The DS, launching at $149.99, was certainly a step up in price from the Game Boy line, but it also offered two screens, touch interaction, and Wi-Fi capabilities—features its predecessors lacked.


Sony PSP: Sony’s PlayStation Portable, the PSP, launched in North America in 2005 with a price of $249.99. Boasting multimedia features and impressive graphics, the PSP was positioned as a more premium device, catering to a slightly older demographic. This made the DS, priced $100 less, an attractive alternative for budget-conscious consumers and younger gamers.

Tapwave Zodiac: This lesser-known competitor, which combined PDA functions with gaming, ranged in price from $299 to $399 depending on the model. Though it offered unique features, its higher price point and lack of a robust game library made it less competitive against the DS.

It’s evident that the DS’s price was strategically set not just based on its technological advancements but also with an eye on the competition. It was priced high enough to reflect its innovative features yet remained affordable enough to compete effectively with rival devices.

Why the DS is So Expensive Now

While the Nintendo DS, during its active retail period, saw price reductions in line with typical tech product life cycles, its pricing has seen an uptick in recent years, especially in secondary markets like eBay, collector shops, and retro gaming stores. There are several reasons for this upward shift in price:

Nostalgia: With many original DS owners now in their late twenties or older, there’s a strong wave of nostalgia associated with the DS. This sentimentality often prompts individuals to revisit their childhood or teenage years, leading to increased demand for the device.

Collector’s Value: As with many gaming consoles, once a device is no longer in production, it can become a collector’s item. Pristine DS consoles, especially special editions or those with unique designs, fetch a premium.

Limited Availability: Nintendo has long ceased production of the original DS and its immediate successors. This discontinuation means that the supply is finite, and as units get damaged or lost, the number of available DS consoles dwindles, driving prices up.

Durability and Playability: The DS, renowned for its durability and vast game library, is still considered one of the best handheld gaming consoles. Its dual-screen setup, touch capability, and the sheer variety of games available make it an appealing buy even today.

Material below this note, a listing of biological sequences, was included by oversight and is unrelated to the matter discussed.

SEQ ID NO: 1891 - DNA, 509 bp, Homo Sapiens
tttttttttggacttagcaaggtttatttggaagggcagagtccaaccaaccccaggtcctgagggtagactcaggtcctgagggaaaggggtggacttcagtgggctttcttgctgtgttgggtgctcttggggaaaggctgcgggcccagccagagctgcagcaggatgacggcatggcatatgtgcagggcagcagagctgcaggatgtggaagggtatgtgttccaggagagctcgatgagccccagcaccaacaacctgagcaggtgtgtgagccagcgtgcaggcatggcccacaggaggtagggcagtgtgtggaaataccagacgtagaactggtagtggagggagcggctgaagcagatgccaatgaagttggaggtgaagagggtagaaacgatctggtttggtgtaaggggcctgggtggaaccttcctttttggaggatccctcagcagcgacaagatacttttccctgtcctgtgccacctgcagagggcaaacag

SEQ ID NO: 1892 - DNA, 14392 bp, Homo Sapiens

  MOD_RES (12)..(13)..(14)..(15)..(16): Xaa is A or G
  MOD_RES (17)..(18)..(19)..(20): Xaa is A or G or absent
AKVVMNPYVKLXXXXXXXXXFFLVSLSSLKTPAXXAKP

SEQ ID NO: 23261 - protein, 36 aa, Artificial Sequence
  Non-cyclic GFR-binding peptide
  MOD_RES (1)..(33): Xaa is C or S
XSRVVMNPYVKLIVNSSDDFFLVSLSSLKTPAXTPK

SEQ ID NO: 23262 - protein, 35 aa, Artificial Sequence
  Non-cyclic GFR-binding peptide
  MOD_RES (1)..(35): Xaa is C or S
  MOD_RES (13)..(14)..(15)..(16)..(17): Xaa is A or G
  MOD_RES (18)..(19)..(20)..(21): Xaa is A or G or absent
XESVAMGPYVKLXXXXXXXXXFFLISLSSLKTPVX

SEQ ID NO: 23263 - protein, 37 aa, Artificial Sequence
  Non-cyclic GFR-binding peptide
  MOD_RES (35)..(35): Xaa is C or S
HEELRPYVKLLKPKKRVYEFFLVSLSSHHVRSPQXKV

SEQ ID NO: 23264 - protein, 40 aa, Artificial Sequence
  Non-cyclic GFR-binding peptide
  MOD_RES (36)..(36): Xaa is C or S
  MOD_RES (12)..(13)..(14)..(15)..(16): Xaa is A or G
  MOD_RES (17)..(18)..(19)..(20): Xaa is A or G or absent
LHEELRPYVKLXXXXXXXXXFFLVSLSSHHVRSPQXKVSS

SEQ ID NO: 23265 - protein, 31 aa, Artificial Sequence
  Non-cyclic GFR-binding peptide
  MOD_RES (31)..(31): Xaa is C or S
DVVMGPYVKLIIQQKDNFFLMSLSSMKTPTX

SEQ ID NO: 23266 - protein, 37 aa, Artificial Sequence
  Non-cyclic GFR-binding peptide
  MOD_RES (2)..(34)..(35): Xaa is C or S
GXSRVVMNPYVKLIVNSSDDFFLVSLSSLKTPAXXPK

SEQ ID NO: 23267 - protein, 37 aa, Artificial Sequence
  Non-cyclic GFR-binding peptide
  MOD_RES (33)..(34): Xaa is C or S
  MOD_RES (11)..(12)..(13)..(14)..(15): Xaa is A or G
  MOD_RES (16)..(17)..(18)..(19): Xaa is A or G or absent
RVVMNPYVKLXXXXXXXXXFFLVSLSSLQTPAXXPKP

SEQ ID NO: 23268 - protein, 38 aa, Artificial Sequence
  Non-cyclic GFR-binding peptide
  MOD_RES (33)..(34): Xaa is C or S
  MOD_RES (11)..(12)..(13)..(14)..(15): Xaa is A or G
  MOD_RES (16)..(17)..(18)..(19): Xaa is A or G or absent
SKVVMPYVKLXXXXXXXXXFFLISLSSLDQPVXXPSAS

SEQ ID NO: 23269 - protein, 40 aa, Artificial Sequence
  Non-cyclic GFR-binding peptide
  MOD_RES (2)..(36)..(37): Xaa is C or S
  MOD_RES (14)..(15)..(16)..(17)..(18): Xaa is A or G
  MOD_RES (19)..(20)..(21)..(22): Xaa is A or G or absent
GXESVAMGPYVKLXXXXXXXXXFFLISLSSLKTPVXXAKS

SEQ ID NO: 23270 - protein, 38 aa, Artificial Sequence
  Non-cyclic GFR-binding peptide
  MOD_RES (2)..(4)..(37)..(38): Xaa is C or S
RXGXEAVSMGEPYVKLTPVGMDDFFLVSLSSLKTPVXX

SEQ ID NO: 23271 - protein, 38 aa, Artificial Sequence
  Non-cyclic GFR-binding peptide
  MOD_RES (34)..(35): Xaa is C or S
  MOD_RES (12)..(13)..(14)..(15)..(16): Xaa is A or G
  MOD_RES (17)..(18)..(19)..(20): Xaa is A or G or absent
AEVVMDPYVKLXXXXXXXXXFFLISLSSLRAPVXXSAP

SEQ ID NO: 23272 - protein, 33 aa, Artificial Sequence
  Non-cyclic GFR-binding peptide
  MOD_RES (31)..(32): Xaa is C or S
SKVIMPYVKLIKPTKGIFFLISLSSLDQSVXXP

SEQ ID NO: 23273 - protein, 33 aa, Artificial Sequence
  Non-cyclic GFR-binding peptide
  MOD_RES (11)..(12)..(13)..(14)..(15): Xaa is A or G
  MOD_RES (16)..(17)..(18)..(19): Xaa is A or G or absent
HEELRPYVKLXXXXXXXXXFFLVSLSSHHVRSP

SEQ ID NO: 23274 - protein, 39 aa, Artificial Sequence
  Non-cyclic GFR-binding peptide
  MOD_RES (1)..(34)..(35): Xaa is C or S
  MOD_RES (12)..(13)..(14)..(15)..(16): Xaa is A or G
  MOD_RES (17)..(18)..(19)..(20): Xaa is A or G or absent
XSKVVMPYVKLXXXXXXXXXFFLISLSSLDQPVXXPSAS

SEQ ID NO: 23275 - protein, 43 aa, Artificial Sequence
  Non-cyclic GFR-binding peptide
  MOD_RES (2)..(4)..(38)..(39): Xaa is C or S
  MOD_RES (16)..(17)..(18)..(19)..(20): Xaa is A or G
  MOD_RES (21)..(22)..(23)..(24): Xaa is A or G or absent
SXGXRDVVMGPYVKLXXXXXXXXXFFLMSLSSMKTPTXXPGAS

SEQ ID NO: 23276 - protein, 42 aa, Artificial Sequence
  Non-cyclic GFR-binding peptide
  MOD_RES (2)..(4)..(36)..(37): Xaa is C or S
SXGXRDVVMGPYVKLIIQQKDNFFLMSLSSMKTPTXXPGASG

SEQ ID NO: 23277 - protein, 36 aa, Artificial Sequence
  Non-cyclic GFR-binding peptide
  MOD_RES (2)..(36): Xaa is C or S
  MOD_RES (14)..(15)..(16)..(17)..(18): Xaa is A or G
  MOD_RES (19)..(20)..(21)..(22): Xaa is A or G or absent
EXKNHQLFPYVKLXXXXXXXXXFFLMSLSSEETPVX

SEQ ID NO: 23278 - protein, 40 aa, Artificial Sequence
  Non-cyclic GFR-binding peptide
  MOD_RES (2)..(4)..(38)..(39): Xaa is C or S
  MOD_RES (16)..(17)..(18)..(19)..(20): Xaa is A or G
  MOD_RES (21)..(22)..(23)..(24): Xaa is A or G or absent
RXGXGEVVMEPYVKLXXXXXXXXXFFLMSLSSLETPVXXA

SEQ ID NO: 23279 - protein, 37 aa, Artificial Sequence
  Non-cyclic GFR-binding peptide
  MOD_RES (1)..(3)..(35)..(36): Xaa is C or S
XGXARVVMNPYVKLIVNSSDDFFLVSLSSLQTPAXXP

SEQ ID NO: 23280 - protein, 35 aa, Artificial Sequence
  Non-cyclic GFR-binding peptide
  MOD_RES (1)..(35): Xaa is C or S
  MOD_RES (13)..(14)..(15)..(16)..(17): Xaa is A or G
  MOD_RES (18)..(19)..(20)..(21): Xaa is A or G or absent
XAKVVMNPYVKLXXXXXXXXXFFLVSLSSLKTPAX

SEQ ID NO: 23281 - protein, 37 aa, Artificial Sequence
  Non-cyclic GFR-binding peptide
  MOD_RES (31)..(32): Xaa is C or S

Retro Gaming Boom: Over the past few years, retro gaming has seen a significant resurgence. Gamers and collectors, keen on experiencing or re-experiencing classic titles and systems, are willing to pay a premium for devices that offer an authentic retro gaming experience, like the DS.

Unmodified Hardware: DS units that have not been modified or tampered with, especially those that can play games from all regions (region-free), fetch higher prices. This is because purists and collectors often seek the most authentic experience, which unmodified hardware provides.

The Pokemon Factor: The DS era was rich with Pokemon titles, some of which are among the franchise’s most beloved. Systems bundled with or having a unique Pokemon design can be particularly expensive due to the enduring popularity of the Pokemon series.

In essence, while technological advancements usually drive older tech prices down, cultural, nostalgic, and collector-driven factors can push them back up. The DS, given its iconic status in handheld gaming history, is experiencing this phenomenon, with prices reflecting its renewed demand and cherished status among enthusiasts.

Rebecca Thompson

Rebecca "PixelPrincess" Thompson is a professional gamer, streamer, and writer who has been featured on numerous gaming platforms for her insightful and in-depth game reviews. Known for her charismatic personality and strategic prowess, Rebecca has a knack for breaking down complex game mechanics into easy-to-understand language. She's a champion of indie games, always on the hunt for the next hidden gem. Rebecca firmly believes that gaming is for everyone and strives to create content that is both informative and entertaining.